Though change is inherent in nature, Buddhism believes that natural processes are affected by human morals. Several suttas from the Pali Canon show that earlyBuddhism believes that there is a close relationship between human morality and the natural environment. This idea has been systematised in the theory of the five natural laws (panca niyamadhamma) in later commentaries. According to this theory, in the cosmos there are five natural laws at work: namely, physical laws, biological laws, psychological laws, moral laws and causal laws. This means that the physical environment of any given area conditions the growth and development of its biological component, i.e. fauna and flora. These in turn influence the thought pattern of the people interacting with them. Modes of thinking determine moral standards. The opposite process of interaction is also possible. The morals of humankind influence not only the psychological make-up of the people but the biological and physical environment of the area as well. Thus the five laws demonstrate that humankind and nature are bound together in a reciprocal causal relationship with changes in one necessarily bringing about changes in the other. The world, including nature and humankind, stands or falls with the type of moral force at work. If immorality grips society, humankind and nature deteriorate; if morality reigns , the quality of human life and nature improves. Thus greed, hatred and delusion produce pollution within and without. Generosity, compassion and wisdom produce purity within and without. This is the reason the Buddha pronounced that the world is led by the mind, cittena niyatiloko. Thus humankind and nature, according to the ideas expressed in earlyBuddhism, are interdependent.
Sayadaw of Burma. Patrick has trained extensively in the Mahasi approach to insight meditation, both as a bhikkhu (Buddhist monk) and a layman. His principal teachers in this lineage have been Panditarama Sayadaw and John Hale. He has also trained in the Diamond Sangha lineage of Zen Buddhism. His original teacher was Robert Aitken Roshi. Patrick has studied earlyBuddhism at post-graduate levels, and continues to study Pali, the language of the earliest surviving Indian recension of the Buddha's teachings.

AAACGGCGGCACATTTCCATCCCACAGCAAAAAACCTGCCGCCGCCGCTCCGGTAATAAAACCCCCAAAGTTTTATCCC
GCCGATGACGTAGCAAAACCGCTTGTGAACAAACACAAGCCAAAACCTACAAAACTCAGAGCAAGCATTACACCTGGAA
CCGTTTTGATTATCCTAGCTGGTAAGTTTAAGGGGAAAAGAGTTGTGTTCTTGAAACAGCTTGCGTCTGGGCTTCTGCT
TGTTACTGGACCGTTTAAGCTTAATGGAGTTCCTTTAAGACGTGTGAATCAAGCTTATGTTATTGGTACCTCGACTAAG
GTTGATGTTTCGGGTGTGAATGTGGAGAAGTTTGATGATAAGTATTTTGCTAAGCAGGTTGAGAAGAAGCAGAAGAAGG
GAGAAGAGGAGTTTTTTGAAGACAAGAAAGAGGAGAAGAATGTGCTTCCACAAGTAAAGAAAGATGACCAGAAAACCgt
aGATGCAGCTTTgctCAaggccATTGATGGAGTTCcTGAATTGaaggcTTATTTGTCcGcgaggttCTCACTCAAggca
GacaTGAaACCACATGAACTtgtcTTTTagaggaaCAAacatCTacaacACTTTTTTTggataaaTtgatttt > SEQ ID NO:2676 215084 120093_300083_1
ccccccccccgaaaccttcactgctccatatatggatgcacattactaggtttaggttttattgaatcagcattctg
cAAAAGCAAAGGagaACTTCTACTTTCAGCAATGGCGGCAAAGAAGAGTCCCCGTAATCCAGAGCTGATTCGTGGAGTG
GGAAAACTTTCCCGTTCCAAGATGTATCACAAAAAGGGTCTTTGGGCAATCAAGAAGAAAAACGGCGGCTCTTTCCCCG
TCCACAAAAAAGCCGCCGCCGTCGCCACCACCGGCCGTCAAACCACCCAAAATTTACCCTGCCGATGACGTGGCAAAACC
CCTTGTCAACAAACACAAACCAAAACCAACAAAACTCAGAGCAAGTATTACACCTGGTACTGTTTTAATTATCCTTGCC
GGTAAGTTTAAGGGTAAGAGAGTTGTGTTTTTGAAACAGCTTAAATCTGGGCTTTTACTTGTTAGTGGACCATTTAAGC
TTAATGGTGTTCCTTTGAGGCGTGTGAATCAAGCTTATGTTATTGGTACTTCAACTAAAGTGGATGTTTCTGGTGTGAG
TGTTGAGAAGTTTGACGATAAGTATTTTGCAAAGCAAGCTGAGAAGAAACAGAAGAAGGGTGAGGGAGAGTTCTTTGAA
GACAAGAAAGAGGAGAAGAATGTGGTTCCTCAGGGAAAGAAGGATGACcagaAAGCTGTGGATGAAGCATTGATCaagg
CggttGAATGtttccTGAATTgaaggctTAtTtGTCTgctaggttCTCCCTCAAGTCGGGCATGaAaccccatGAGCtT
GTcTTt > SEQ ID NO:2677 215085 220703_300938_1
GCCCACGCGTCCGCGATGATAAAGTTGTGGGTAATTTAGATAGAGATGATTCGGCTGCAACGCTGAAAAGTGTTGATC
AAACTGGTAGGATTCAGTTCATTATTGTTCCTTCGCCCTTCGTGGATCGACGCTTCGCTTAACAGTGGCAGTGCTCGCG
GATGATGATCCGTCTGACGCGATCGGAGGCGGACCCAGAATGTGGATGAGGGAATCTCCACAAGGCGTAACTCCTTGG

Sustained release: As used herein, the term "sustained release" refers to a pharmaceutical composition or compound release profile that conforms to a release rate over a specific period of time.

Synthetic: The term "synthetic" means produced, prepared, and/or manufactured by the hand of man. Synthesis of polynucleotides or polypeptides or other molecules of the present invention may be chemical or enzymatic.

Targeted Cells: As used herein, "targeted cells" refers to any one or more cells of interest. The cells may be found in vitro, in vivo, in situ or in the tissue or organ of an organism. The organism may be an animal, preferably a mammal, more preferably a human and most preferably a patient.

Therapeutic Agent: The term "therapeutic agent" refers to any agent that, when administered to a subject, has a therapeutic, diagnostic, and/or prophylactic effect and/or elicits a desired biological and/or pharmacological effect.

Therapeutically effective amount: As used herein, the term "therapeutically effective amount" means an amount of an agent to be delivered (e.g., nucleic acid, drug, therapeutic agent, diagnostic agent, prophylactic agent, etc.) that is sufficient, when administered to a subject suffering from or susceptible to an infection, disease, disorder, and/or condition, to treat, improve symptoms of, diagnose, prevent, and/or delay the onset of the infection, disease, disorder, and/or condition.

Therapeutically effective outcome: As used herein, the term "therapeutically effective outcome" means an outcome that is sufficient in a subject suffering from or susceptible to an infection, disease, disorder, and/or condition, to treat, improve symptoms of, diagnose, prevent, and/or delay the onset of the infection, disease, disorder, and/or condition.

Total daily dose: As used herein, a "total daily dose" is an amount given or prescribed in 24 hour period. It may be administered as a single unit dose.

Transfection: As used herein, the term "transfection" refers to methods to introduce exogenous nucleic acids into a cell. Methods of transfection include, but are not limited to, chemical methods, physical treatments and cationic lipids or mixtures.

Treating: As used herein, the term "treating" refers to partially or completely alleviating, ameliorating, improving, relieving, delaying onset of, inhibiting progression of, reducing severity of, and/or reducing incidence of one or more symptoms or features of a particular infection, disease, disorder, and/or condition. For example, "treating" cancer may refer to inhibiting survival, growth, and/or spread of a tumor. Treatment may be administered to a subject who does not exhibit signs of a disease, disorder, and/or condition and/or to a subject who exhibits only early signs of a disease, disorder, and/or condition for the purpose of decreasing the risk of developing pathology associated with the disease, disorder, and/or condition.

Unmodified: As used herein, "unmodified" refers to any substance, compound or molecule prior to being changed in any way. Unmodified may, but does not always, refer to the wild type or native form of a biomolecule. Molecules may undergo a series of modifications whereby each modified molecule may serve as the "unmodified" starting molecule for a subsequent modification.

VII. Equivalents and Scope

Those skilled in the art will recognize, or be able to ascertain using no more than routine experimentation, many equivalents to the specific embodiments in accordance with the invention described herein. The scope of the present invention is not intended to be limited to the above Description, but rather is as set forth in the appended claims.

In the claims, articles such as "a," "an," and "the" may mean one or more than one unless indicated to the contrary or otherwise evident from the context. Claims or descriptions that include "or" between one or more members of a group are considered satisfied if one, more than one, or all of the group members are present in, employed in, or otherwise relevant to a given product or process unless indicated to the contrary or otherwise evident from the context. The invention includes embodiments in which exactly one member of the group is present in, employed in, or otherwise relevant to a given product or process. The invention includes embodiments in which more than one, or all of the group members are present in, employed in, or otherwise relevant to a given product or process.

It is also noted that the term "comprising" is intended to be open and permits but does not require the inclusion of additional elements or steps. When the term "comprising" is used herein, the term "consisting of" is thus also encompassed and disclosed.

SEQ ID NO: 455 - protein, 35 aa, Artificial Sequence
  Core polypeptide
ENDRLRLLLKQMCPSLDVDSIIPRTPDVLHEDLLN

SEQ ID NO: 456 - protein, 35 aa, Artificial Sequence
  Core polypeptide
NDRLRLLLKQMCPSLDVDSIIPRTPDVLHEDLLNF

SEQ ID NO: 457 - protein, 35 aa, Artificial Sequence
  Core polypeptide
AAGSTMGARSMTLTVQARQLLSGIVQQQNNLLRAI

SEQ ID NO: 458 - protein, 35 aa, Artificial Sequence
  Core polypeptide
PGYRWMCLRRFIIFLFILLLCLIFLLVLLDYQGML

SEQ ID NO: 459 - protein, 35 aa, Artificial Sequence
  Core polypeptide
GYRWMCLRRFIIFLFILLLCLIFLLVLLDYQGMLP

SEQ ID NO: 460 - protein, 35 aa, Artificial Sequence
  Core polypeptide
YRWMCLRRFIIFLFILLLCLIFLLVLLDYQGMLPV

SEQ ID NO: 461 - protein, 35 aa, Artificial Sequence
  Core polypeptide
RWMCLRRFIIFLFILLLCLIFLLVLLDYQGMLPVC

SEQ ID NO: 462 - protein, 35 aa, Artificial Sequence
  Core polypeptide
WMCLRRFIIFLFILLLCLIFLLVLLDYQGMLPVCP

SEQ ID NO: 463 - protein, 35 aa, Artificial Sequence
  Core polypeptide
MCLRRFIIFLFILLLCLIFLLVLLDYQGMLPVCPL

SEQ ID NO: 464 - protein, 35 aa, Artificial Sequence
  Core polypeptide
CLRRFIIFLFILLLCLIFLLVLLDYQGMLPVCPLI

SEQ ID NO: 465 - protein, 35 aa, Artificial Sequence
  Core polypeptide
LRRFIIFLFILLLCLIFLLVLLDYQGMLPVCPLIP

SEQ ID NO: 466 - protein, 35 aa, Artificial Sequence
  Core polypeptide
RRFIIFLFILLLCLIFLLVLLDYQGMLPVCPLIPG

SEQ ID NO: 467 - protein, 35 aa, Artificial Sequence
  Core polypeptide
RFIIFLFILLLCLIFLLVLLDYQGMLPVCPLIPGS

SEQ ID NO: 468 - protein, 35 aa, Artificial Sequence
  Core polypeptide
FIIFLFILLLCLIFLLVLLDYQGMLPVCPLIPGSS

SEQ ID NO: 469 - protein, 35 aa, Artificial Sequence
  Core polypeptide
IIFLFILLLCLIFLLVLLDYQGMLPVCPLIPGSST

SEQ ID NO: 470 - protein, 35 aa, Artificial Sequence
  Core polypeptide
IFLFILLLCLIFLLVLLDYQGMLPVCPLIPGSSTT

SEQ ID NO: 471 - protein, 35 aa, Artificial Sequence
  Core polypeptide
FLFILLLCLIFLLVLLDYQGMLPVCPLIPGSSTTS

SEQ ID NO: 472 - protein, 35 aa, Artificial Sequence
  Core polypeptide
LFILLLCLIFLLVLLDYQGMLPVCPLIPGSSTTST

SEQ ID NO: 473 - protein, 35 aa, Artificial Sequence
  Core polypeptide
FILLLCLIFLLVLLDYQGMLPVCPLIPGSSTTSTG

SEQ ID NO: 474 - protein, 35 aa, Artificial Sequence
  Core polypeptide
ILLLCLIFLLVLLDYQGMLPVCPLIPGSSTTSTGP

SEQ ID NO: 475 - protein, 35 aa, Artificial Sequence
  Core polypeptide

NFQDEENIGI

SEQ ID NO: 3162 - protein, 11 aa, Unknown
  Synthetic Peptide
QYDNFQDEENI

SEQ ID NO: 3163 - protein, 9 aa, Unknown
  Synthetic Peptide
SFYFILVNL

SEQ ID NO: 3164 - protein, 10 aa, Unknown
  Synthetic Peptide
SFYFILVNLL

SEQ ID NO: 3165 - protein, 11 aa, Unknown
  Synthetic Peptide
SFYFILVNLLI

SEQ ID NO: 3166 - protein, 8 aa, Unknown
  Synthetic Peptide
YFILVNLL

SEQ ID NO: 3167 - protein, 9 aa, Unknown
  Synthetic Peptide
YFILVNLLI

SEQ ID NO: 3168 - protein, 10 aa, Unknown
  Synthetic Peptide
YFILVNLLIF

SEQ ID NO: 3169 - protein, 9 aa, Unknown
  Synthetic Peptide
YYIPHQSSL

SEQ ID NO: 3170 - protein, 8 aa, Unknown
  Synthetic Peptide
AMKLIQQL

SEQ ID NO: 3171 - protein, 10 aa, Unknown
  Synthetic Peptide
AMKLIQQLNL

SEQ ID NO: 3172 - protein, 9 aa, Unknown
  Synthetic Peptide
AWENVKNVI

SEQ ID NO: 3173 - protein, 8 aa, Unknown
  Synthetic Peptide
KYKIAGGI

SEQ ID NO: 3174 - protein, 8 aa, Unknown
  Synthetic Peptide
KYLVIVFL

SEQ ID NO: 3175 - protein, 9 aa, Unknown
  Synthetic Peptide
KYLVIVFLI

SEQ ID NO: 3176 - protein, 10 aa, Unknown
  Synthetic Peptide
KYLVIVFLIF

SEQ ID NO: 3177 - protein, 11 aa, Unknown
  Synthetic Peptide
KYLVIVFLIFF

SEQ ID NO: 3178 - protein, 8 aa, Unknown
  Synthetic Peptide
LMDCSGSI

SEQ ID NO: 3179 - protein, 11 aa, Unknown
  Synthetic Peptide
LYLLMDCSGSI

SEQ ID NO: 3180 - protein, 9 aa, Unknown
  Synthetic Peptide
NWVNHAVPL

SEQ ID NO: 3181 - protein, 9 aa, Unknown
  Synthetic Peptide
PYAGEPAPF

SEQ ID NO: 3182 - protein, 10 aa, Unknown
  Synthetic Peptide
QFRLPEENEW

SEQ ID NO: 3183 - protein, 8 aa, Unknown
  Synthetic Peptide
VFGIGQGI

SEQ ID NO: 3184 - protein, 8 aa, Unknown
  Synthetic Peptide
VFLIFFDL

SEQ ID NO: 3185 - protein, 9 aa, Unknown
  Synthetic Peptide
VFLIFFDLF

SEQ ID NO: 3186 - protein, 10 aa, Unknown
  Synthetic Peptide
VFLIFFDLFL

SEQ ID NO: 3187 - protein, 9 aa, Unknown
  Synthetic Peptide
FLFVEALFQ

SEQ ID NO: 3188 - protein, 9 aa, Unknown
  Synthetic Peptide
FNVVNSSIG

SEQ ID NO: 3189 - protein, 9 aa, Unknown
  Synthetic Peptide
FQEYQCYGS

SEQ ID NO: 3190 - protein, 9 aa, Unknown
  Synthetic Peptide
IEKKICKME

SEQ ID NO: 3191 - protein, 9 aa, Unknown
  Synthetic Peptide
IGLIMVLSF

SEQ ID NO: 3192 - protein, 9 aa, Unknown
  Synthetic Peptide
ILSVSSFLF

This chapter begins with a fairly long discussion of Buddhism in the ancient Guge Kingdom and Amdo after the fall of the Tibetan Empire. According to the author, by this time the worship of Vairocana had pretty much become the most important religious ritual in the region, and Vairocana had been seen as the center of the universe by the people in the region, more revered than any other Buddha. The author argues that the Guge rulers were deliberately leading the people to worship Vairocana to cement their legal claim to ruling power in Guge. She also pointed out the Tabo Monastery built in 996 as a case in point, remarking that the making of Guge Buddha statues in this period was influenced by Kashmir’s sense of beauty, favoring almond-shaped eyes, decorations on both sides of the Buddha’s crown, and the use of precious metal to make the statues appear more valuable.